A historic north-east bridge damaged by Storm Frank could cost £400,000 to repair.
In total more than £1 million has been spent on fixing bridges in the north-east damaged by the storm.
The 14 most damaged bridges were closed for the public’s safety after the severe flooding experienced across the region in December 2015.
The majority of the footbridges were reopened within months of the storm, however a number required significant repairs.
One of the 14 crossings still to reopen – but with “no timescale” to begin work – is the B-listed iron suspension bridge at Cambus O’May.
With a repair price tag of up to £400,000, it will not be fixed in the near future.
Other bridges yet to reopen include Shattenweg near Rothienorman, which did not reopen until February 2017, Roo-Emah near Fyvie, which reopened in April 2018, and Polhollick near Ballater, which was closed until December.
Upper Deeside councillor Peter Argyle, who is also the chairman of Aberdeenshire Council’s infrastructure services committee, said the authority is “determined” to restore the historic river crossing to its former glory.
It was built in 1905 and reopened by Queen Elizabeth, the Queen Mother, in 1988 following a refurbishment programme.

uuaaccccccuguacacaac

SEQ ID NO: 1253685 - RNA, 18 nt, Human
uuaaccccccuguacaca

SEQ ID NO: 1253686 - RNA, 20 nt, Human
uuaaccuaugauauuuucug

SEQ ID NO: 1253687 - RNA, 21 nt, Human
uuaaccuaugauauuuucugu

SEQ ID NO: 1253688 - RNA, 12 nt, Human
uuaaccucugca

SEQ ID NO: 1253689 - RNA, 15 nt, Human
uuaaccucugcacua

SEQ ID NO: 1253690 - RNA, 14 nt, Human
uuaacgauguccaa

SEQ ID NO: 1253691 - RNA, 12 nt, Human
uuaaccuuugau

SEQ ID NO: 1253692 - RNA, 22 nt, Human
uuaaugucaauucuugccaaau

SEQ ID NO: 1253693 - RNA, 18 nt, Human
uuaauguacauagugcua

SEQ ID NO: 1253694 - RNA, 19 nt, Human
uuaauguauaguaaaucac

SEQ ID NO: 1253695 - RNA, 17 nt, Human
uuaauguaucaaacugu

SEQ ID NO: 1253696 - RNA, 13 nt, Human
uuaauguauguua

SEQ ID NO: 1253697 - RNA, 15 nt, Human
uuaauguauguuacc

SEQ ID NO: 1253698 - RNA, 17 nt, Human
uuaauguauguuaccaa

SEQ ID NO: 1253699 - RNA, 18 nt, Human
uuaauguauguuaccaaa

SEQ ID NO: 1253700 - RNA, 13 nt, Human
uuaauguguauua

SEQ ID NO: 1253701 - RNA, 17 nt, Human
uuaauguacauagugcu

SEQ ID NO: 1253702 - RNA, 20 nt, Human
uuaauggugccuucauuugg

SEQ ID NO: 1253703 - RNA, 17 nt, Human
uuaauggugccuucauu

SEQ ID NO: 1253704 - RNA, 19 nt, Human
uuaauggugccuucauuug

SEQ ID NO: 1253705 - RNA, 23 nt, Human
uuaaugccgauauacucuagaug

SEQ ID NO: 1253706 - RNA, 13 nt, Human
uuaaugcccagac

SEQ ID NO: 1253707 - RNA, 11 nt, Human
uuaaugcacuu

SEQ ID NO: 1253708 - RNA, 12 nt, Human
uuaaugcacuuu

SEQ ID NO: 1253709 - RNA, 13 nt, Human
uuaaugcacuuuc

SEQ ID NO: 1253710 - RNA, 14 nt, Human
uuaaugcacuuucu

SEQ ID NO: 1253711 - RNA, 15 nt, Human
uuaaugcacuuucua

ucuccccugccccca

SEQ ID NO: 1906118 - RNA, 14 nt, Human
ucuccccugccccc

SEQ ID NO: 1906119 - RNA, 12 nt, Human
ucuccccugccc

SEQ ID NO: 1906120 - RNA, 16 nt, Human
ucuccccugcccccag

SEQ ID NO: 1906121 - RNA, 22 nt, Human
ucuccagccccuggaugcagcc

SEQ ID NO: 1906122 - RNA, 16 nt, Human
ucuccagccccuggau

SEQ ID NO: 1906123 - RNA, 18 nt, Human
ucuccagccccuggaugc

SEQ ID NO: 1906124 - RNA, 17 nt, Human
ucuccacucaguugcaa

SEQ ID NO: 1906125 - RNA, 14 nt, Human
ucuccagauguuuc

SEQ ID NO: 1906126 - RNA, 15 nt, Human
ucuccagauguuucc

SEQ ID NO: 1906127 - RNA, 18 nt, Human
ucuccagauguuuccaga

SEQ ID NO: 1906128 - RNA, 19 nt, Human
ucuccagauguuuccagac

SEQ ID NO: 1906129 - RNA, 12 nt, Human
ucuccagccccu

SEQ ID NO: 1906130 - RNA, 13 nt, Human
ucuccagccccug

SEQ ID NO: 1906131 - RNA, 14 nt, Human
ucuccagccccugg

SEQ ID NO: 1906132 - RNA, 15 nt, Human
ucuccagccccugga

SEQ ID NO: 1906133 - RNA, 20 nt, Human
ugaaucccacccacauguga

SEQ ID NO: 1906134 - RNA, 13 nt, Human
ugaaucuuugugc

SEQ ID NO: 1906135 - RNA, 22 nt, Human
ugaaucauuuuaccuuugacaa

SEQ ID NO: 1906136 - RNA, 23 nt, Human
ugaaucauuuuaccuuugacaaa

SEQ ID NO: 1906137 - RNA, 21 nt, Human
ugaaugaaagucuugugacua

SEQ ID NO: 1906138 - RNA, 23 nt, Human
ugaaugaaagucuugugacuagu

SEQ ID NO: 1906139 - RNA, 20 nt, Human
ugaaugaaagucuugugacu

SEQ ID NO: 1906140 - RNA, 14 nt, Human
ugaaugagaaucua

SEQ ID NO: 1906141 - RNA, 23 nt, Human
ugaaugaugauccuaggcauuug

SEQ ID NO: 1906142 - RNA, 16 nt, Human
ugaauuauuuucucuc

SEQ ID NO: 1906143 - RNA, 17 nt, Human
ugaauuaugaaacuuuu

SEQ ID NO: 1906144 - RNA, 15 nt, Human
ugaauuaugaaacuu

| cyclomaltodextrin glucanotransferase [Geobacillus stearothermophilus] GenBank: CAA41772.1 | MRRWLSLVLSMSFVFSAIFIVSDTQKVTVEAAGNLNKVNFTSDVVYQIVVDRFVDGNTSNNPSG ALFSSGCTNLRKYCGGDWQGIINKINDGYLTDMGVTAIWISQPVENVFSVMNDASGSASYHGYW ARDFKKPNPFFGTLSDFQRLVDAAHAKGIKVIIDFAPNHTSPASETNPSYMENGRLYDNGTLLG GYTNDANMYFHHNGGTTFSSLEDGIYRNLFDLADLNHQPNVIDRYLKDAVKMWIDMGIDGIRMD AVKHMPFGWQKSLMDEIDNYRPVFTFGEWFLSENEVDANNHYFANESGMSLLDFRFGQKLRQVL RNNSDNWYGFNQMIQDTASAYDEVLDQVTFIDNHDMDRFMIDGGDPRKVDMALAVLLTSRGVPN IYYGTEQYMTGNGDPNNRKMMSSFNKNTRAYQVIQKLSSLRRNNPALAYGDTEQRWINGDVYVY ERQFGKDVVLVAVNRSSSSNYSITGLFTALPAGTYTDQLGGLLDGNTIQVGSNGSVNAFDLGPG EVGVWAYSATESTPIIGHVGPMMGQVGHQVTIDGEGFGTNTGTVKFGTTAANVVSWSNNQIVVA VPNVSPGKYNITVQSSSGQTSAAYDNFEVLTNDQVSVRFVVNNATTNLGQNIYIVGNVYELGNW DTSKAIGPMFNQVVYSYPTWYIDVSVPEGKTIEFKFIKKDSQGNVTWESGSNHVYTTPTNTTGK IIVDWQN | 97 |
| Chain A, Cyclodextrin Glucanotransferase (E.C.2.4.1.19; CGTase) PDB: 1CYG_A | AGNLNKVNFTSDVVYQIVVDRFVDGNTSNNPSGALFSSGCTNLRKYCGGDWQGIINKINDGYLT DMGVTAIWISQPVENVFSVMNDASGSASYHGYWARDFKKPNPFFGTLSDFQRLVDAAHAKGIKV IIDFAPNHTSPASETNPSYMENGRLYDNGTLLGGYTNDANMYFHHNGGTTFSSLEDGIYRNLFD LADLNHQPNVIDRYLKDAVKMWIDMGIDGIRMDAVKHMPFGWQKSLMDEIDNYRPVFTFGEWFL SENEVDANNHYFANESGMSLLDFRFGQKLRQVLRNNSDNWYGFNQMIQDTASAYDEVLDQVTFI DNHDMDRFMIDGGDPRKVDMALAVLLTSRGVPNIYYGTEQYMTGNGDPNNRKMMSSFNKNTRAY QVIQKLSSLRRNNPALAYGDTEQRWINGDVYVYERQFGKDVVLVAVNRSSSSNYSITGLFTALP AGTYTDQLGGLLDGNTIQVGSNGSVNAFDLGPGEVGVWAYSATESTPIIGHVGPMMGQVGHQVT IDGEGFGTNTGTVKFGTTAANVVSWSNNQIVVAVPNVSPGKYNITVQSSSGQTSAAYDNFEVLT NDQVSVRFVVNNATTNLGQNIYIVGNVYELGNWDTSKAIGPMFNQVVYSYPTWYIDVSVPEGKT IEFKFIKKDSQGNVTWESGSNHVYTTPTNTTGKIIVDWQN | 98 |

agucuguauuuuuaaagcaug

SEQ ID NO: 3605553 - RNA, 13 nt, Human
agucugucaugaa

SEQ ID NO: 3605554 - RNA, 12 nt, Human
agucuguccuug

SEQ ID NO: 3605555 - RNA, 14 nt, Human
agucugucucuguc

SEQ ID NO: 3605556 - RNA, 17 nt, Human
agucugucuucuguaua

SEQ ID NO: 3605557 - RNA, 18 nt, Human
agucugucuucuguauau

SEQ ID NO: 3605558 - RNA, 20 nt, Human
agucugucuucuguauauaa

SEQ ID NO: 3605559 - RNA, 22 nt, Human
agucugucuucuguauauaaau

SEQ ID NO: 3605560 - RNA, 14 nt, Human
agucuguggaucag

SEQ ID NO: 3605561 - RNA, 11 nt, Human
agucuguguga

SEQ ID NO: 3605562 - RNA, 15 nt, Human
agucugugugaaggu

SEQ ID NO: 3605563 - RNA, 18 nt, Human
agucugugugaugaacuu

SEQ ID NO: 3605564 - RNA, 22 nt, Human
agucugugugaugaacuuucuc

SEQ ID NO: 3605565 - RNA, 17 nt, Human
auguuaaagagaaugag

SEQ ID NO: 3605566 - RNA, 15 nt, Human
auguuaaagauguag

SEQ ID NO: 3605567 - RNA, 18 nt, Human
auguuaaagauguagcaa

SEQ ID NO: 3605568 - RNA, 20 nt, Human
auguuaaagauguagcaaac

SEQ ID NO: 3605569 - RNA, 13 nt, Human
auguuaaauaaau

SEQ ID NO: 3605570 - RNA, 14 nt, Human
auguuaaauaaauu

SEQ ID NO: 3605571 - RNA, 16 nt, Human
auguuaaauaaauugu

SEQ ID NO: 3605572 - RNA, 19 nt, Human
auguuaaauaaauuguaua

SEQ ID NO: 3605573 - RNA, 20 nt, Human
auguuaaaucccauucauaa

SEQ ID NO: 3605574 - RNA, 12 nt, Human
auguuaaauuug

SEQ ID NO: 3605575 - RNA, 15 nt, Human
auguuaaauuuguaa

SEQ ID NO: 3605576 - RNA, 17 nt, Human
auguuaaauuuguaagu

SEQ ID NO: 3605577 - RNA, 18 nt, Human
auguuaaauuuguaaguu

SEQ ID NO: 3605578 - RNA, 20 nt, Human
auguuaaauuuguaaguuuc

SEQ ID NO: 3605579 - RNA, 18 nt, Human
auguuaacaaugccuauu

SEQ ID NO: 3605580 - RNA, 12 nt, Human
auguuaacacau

Mr Argyle said: “There’s a close similarity between Polhollick bridge and the one at Cambus O’May, as they’re both cast iron suspension structures of a similar vintage.
“Our bridge teams learned a lot from the repair of Polhollick, but Cambus O’ May is in a much worse state as the damage was much more severe. It’s actually unbelievable to think back on just how bad the storm was.”
He added: “What the council is doing at the moment is applying the same approach taken at Polhollick to Cambus O’May with a view of getting it repaired. The problem is one of money.
“It’s expected to cost around £400,000 to repair, which we don’t have sitting around in the bank.
“Our finance people are looking at ways of getting money to pay for it, and at the same time our bridge teams are assessing the best approach for repairs.”